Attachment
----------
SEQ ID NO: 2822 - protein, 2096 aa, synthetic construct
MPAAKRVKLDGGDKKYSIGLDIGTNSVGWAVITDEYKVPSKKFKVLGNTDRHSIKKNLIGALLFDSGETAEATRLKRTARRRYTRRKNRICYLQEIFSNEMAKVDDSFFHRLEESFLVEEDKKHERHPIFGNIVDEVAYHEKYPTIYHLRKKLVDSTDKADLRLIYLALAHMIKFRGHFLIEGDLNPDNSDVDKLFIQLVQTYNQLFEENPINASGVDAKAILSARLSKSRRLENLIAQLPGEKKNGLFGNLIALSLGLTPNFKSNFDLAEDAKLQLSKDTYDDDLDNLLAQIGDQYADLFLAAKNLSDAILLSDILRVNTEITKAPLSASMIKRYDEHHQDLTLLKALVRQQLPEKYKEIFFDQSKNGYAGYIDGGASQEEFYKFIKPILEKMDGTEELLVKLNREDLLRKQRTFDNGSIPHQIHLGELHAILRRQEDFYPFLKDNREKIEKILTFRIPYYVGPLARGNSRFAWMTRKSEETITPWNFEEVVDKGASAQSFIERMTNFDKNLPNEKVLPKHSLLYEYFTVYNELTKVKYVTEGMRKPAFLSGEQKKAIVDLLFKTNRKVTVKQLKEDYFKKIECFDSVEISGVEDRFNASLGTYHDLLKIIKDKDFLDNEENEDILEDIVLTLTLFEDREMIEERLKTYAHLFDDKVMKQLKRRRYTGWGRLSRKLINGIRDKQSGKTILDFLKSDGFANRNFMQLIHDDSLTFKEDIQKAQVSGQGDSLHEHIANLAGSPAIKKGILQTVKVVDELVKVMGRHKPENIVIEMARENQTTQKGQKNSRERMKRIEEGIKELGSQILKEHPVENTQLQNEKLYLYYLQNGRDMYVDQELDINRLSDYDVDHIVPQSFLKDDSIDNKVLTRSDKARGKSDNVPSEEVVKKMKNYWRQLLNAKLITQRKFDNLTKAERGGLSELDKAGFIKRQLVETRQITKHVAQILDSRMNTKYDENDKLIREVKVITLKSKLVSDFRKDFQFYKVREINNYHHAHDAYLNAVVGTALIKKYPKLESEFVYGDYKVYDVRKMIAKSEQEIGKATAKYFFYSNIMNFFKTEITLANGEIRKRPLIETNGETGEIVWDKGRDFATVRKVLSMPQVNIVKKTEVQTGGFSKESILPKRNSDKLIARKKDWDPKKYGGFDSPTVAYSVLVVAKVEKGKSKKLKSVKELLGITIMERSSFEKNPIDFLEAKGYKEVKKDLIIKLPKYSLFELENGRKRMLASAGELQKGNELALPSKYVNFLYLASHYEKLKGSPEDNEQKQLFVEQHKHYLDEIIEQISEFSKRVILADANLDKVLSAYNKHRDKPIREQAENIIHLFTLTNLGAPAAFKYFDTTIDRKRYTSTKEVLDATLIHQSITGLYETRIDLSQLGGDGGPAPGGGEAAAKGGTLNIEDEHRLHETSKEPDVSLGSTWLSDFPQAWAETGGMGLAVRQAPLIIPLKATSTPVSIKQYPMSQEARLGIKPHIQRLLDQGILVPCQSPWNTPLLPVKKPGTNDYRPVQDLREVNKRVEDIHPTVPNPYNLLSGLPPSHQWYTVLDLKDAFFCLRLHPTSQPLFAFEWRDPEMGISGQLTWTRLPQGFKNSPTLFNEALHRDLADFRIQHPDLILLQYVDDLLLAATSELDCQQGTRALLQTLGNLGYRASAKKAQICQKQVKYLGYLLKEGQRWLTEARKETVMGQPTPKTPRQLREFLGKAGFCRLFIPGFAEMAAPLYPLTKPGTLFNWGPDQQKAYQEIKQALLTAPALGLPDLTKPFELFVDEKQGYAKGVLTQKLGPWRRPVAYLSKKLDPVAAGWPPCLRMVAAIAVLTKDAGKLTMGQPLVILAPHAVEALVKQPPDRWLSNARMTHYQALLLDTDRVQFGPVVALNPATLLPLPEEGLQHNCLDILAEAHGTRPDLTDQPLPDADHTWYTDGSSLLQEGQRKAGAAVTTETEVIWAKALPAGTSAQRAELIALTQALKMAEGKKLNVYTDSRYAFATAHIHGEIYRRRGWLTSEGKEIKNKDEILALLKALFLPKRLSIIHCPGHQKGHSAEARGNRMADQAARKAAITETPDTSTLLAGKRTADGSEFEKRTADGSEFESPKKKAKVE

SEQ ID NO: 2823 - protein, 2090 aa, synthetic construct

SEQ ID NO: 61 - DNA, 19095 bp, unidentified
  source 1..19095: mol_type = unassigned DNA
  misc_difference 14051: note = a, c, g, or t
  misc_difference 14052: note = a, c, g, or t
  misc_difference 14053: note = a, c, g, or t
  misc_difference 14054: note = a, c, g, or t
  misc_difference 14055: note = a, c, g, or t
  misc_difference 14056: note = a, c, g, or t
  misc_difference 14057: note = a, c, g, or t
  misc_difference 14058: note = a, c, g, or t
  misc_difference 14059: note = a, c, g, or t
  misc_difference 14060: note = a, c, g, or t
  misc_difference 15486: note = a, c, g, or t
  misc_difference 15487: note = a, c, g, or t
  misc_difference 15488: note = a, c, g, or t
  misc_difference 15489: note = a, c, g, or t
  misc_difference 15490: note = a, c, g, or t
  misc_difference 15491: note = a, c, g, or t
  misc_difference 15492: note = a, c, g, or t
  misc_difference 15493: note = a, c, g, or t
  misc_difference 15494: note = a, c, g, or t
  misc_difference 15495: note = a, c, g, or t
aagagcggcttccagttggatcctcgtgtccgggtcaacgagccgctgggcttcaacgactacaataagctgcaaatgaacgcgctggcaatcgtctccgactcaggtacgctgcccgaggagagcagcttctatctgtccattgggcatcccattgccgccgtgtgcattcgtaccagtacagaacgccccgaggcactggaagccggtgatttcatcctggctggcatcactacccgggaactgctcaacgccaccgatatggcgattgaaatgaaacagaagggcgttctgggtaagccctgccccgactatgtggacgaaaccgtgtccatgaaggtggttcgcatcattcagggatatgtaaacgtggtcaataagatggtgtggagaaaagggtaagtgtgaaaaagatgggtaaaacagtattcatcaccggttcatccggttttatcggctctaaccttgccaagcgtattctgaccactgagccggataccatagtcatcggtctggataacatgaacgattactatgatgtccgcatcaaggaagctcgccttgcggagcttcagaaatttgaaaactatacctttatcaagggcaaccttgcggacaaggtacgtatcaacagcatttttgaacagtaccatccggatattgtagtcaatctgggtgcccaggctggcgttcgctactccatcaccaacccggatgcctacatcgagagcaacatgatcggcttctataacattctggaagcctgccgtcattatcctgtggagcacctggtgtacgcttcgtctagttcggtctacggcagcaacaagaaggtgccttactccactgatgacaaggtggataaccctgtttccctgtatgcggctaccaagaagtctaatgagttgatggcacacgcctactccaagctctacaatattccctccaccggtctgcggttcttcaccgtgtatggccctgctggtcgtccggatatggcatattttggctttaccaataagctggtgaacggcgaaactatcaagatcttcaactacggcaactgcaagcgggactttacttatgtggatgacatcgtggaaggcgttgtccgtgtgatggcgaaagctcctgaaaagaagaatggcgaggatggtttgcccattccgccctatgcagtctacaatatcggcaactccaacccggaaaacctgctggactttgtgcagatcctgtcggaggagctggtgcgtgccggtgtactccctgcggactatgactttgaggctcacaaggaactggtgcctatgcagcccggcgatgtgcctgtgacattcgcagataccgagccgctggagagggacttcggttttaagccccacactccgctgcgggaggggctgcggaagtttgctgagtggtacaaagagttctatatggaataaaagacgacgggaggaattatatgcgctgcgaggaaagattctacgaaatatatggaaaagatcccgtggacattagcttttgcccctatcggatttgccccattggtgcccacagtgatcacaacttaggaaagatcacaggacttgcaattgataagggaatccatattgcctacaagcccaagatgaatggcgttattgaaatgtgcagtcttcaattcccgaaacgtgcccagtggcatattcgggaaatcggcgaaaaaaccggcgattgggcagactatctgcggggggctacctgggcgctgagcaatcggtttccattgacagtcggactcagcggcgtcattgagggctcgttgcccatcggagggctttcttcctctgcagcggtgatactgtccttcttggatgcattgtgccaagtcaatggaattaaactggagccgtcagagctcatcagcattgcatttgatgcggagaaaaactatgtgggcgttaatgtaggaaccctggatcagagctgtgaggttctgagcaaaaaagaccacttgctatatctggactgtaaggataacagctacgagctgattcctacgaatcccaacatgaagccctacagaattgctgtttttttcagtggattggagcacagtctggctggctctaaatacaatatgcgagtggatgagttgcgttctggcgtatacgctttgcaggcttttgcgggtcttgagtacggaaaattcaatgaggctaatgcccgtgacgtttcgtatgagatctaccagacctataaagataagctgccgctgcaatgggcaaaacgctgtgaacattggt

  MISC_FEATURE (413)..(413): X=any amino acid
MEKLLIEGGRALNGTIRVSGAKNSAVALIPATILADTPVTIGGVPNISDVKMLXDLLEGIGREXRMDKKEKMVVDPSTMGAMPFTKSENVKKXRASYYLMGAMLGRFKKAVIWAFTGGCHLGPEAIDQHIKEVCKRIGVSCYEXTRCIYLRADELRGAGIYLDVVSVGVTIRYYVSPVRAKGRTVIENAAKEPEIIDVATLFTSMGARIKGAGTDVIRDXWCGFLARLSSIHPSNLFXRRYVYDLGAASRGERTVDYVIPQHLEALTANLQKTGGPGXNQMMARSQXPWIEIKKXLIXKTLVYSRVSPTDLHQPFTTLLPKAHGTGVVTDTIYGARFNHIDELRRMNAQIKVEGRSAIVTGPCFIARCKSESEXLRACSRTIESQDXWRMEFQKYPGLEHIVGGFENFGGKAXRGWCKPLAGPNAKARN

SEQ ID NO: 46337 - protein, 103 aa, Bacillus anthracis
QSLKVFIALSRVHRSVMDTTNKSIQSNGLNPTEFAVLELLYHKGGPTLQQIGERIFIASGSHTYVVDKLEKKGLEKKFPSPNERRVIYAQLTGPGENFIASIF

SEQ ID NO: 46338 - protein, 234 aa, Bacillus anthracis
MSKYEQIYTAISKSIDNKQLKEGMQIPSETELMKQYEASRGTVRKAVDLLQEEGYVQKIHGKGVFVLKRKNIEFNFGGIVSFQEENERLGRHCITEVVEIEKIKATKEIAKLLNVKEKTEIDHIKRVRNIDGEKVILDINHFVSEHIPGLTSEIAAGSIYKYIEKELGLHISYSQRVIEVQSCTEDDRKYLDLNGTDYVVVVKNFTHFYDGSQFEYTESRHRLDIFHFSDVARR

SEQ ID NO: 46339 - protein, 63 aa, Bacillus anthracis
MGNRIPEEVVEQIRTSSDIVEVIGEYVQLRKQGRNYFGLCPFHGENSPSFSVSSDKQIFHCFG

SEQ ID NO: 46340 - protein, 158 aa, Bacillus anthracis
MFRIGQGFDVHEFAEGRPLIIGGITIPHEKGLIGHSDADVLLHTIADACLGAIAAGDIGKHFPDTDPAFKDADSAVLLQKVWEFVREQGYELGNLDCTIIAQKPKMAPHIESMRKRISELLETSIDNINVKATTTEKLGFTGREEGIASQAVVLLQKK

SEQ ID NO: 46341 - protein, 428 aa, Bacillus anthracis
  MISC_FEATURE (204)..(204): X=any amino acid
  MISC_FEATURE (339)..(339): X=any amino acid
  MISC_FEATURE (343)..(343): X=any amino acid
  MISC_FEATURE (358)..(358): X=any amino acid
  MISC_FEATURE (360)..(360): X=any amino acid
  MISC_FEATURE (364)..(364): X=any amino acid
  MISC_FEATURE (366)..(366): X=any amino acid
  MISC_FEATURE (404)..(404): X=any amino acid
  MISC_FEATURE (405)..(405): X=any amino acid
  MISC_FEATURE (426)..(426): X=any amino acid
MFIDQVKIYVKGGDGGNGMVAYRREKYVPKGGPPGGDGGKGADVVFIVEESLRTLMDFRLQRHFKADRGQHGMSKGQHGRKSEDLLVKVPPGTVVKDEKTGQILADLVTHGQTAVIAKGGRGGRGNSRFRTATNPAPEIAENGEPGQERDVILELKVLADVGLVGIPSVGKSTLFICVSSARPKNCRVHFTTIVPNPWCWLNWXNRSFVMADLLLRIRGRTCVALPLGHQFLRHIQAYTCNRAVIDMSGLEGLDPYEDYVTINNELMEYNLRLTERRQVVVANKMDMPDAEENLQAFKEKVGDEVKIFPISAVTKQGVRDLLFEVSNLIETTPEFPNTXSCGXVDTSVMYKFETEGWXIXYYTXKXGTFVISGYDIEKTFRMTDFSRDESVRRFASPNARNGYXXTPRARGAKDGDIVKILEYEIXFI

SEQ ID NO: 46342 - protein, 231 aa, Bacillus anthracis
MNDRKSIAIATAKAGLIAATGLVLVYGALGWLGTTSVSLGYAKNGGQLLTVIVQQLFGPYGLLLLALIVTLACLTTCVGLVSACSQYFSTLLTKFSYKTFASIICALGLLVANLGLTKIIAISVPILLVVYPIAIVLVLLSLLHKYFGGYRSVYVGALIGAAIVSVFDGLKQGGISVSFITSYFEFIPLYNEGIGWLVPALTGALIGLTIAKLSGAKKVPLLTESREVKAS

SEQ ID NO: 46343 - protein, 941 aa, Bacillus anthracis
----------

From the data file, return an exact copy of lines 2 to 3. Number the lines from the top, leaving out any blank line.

MPAAKRVKLDGGDKKYSIGLDIGTNSVGWAVITDEYKVPSKKFKVLGNTDRHSIKKNLIGALLFDSGETAEATRLKRTARRRYTRRKNRICYLQEIFSNEMAKVDDSFFHRLEESFLVEEDKKHERHPIFGNIVDEVAYHEKYPTIYHLRKKLVDSTDKADLRLIYLALAHMIKFRGHFLIEGDLNPDNSDVDKLFIQLVQTYNQLFEENPINASGVDAKAILSARLSKSRRLENLIAQLPGEKKNGLFGNLIALSLGLTPNFKSNFDLAEDAKLQLSKDTYDDDLDNLLAQIGDQYADLFLAAKNLSDAILLSDILRVNTEITKAPLSASMIKRYDEHHQDLTLLKALVRQQLPEKYKEIFFDQSKNGYAGYIDGGASQEEFYKFIKPILEKMDGTEELLVKLNREDLLRKQRTFDNGSIPHQIHLGELHAILRRQEDFYPFLKDNREKIEKILTFRIPYYVGPLARGNSRFAWMTRKSEETITPWNFEEVVDKGASAQSFIERMTNFDKNLPNEKVLPKHSLLYEYFTVYNELTKVKYVTEGMRKPAFLSGEQKKAIVDLLFKTNRKVTVKQLKEDYFKKIECFDSVEISGVEDRFNASLGTYHDLLKIIKDKDFLDNEENEDILEDIVLTLTLFEDREMIEERLKTYAHLFDDKVMKQLKRRRYTGWGRLSRKLINGIRDKQSGKTILDFLKSDGFANRNFMQLIHDDSLTFKEDIQKAQVSGQGDSLHEHIANLAGSPAIKKGILQTVKVVDELVKVMGRHKPENIVIEMARENQTTQKGQKNSRERMKRIEEGIKELGSQILKEHPVENTQLQNEKLYLYYLQNGRDMYVDQELDINRLSDYDVDHIVPQSFLKDDSIDNKVLTRSDKARGKSDNVPSEEVVKKMKNYWRQLLNAKLITQRKFDNLTKAERGGLSELDKAGFIKRQLVETRQITKHVAQILDSRMNTKYDENDKLIREVKVITLKSKLVSDFRKDFQFYKVREINNYHHAHDAYLNAVVGTALIKKYPKLESEFVYGDYKVYDVRKMIAKSEQEIGKATAKYFFYSNIMNFFKTEITLANGEIRKRPLIETNGETGEIVWDKGRDFATVRKVLSMPQVNIVKKTEVQTGGFSKESILPKRNSDKLIARKKDWDPKKYGGFDSPTVAYSVLVVAKVEKGKSKKLKSVKELLGITIMERSSFEKNPIDFLEAKGYKEVKKDLIIKLPKYSLFELENGRKRMLASAGELQKGNELALPSKYVNFLYLASHYEKLKGSPEDNEQKQLFVEQHKHYLDEIIEQISEFSKRVILADANLDKVLSAYNKHRDKPIREQAENIIHLFTLTNLGAPAAFKYFDTTIDRKRYTSTKEVLDATLIHQSITGLYETRIDLSQLGGDGGPAPGGGEAAAKGGTLNIEDEHRLHETSKEPDVSLGSTWLSDFPQAWAETGGMGLAVRQAPLIIPLKATSTPVSIKQYPMSQEARLGIKPHIQRLLDQGILVPCQSPWNTPLLPVKKPGTNDYRPVQDLREVNKRVEDIHPTVPNPYNLLSGLPPSHQWYTVLDLKDAFFCLRLHPTSQPLFAFEWRDPEMGISGQLTWTRLPQGFKNSPTLFNEALHRDLADFRIQHPDLILLQYVDDLLLAATSELDCQQGTRALLQTLGNLGYRASAKKAQICQKQVKYLGYLLKEGQRWLTEARKETVMGQPTPKTPRQLREFLGKAGFCRLFIPGFAEMAAPLYPLTKPGTLFNWGPDQQKAYQEIKQALLTAPALGLPDLTKPFELFVDEKQGYAKGVLTQKLGPWRRPVAYLSKKLDPVAAGWPPCLRMVAAIAVLTKDAGKLTMGQPLVILAPHAVEALVKQPPDRWLSNARMTHYQALLLDTDRVQFGPVVALNPATLLPLPEEGLQHNCLDILAEAHGTRPDLTDQPLPDADHTWYTDGSSLLQEGQRKAGAAVTTETEVIWAKALPAGTSAQRAELIALTQALKMAEGKKLNVYTDSRYAFATAHIHGEIYRRRGWLTSEGKEIKNKDEILALLKALFLPKRLSIIHCPGHQKGHSAEARGNRMADQAARKAAITETPDTSTLLAGKRTADGSEFEKRTADGSEFESPKKKAKVE

SEQ ID NO: 2823 - protein, 2090 aa, synthetic construct